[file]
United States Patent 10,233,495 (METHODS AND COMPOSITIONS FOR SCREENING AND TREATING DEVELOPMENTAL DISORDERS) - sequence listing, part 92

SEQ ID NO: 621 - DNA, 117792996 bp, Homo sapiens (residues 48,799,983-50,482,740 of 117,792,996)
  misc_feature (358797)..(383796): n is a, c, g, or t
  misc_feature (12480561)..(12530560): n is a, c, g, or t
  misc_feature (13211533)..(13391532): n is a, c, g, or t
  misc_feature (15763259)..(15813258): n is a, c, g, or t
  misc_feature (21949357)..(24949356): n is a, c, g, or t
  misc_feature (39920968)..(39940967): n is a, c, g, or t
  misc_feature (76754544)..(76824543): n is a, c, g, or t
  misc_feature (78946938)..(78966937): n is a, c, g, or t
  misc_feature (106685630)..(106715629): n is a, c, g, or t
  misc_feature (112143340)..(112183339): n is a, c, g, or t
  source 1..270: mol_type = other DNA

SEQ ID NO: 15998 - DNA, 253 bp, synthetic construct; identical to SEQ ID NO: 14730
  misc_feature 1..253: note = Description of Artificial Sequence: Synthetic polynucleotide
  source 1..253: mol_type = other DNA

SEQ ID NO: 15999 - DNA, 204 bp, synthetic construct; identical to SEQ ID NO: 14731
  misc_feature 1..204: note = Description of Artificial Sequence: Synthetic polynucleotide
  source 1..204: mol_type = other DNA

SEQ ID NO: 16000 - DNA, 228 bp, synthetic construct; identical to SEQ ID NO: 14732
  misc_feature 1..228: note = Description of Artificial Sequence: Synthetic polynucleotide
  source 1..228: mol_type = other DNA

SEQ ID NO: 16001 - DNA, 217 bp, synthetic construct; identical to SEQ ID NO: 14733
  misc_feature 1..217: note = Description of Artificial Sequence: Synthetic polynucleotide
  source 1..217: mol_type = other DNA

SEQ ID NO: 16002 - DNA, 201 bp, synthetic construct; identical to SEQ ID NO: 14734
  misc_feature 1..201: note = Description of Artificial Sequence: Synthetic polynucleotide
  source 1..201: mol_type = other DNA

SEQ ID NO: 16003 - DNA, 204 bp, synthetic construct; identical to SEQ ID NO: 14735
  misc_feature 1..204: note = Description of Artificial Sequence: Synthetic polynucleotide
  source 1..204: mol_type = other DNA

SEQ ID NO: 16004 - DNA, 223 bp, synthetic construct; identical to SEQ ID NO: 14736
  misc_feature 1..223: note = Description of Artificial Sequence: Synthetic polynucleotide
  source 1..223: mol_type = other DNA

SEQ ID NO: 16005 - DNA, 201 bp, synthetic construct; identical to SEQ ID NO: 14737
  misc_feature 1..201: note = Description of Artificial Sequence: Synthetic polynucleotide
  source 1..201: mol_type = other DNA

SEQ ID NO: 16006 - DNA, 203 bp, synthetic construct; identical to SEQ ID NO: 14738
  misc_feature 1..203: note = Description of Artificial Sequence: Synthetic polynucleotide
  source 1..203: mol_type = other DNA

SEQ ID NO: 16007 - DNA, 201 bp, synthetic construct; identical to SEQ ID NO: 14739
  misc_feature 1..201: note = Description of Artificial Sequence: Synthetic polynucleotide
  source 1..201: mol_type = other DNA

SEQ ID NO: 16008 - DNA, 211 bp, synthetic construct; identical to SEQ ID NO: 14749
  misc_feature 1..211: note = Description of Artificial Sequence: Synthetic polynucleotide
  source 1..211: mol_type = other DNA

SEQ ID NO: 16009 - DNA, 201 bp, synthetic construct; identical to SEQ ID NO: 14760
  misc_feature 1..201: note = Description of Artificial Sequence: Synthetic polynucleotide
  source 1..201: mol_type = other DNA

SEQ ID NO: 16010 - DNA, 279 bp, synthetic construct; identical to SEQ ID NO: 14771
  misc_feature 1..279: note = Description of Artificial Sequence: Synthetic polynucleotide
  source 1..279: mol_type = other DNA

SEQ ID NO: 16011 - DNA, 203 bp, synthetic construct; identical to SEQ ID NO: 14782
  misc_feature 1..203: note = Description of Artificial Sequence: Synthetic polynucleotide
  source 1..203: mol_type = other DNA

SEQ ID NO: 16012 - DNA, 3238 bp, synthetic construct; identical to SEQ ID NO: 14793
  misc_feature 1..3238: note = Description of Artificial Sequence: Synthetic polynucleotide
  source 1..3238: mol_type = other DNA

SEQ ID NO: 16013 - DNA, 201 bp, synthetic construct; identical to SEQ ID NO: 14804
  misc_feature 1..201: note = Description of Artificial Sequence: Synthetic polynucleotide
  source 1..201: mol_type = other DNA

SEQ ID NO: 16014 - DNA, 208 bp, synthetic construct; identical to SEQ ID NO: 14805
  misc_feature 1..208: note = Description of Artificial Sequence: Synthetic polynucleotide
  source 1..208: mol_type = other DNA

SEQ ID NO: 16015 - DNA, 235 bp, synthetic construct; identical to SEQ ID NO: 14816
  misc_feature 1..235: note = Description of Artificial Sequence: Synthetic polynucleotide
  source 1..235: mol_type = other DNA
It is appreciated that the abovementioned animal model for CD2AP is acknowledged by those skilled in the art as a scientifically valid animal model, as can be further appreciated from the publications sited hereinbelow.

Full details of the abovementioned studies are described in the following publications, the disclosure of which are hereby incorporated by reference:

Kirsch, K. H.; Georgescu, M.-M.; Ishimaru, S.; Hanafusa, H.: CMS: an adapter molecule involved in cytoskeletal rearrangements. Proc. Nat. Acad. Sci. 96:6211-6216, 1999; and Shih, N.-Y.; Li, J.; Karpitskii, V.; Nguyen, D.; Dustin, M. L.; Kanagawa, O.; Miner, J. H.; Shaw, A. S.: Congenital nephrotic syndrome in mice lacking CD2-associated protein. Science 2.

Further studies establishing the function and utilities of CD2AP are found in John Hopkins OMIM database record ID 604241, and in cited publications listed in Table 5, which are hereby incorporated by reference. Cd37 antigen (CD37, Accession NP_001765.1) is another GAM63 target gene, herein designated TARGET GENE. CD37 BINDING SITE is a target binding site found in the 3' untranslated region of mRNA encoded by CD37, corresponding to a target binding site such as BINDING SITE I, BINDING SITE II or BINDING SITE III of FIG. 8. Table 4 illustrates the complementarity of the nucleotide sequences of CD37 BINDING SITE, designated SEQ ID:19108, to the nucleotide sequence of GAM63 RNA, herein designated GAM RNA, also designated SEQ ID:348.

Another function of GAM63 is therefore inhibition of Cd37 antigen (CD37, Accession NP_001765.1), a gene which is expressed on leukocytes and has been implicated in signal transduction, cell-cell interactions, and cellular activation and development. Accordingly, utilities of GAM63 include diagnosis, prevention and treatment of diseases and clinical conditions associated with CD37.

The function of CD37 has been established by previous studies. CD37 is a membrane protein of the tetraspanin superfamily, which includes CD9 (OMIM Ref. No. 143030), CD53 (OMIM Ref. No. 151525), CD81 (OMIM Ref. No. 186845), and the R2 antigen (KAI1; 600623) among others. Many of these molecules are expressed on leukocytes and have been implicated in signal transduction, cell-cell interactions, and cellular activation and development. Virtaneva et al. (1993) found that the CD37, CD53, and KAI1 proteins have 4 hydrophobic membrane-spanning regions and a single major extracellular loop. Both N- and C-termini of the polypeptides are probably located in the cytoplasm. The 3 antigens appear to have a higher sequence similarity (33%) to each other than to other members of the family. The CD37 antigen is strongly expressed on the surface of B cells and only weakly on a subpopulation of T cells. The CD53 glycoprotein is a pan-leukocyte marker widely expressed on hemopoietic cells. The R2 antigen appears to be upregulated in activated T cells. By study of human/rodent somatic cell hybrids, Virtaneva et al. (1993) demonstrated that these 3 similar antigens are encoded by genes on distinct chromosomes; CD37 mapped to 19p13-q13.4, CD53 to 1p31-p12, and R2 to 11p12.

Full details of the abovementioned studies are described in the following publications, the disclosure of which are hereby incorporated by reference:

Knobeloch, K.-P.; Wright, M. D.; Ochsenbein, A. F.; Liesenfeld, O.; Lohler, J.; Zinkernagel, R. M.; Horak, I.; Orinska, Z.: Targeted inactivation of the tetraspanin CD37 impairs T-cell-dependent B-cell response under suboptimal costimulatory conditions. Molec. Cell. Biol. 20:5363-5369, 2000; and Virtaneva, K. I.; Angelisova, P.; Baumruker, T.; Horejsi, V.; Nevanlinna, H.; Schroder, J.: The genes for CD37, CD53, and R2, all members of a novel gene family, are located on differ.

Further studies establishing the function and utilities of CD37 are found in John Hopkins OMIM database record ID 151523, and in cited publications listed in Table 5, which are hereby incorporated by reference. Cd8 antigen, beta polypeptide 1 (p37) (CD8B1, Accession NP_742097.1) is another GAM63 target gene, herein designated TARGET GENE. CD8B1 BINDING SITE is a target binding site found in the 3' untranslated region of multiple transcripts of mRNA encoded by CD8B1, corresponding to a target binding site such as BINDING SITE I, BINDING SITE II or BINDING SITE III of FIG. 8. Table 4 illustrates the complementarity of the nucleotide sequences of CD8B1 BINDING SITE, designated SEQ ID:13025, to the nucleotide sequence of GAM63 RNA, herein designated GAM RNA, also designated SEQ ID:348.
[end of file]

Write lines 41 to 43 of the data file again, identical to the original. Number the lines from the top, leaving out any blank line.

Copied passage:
SEQ ID NO: 16007 - DNA, 201 bp, synthetic construct; identical to SEQ ID NO: 14739
  misc_feature 1..201: note = Description of Artificial Sequence: Synthetic polynucleotide
  source 1..201: mol_type = other DNA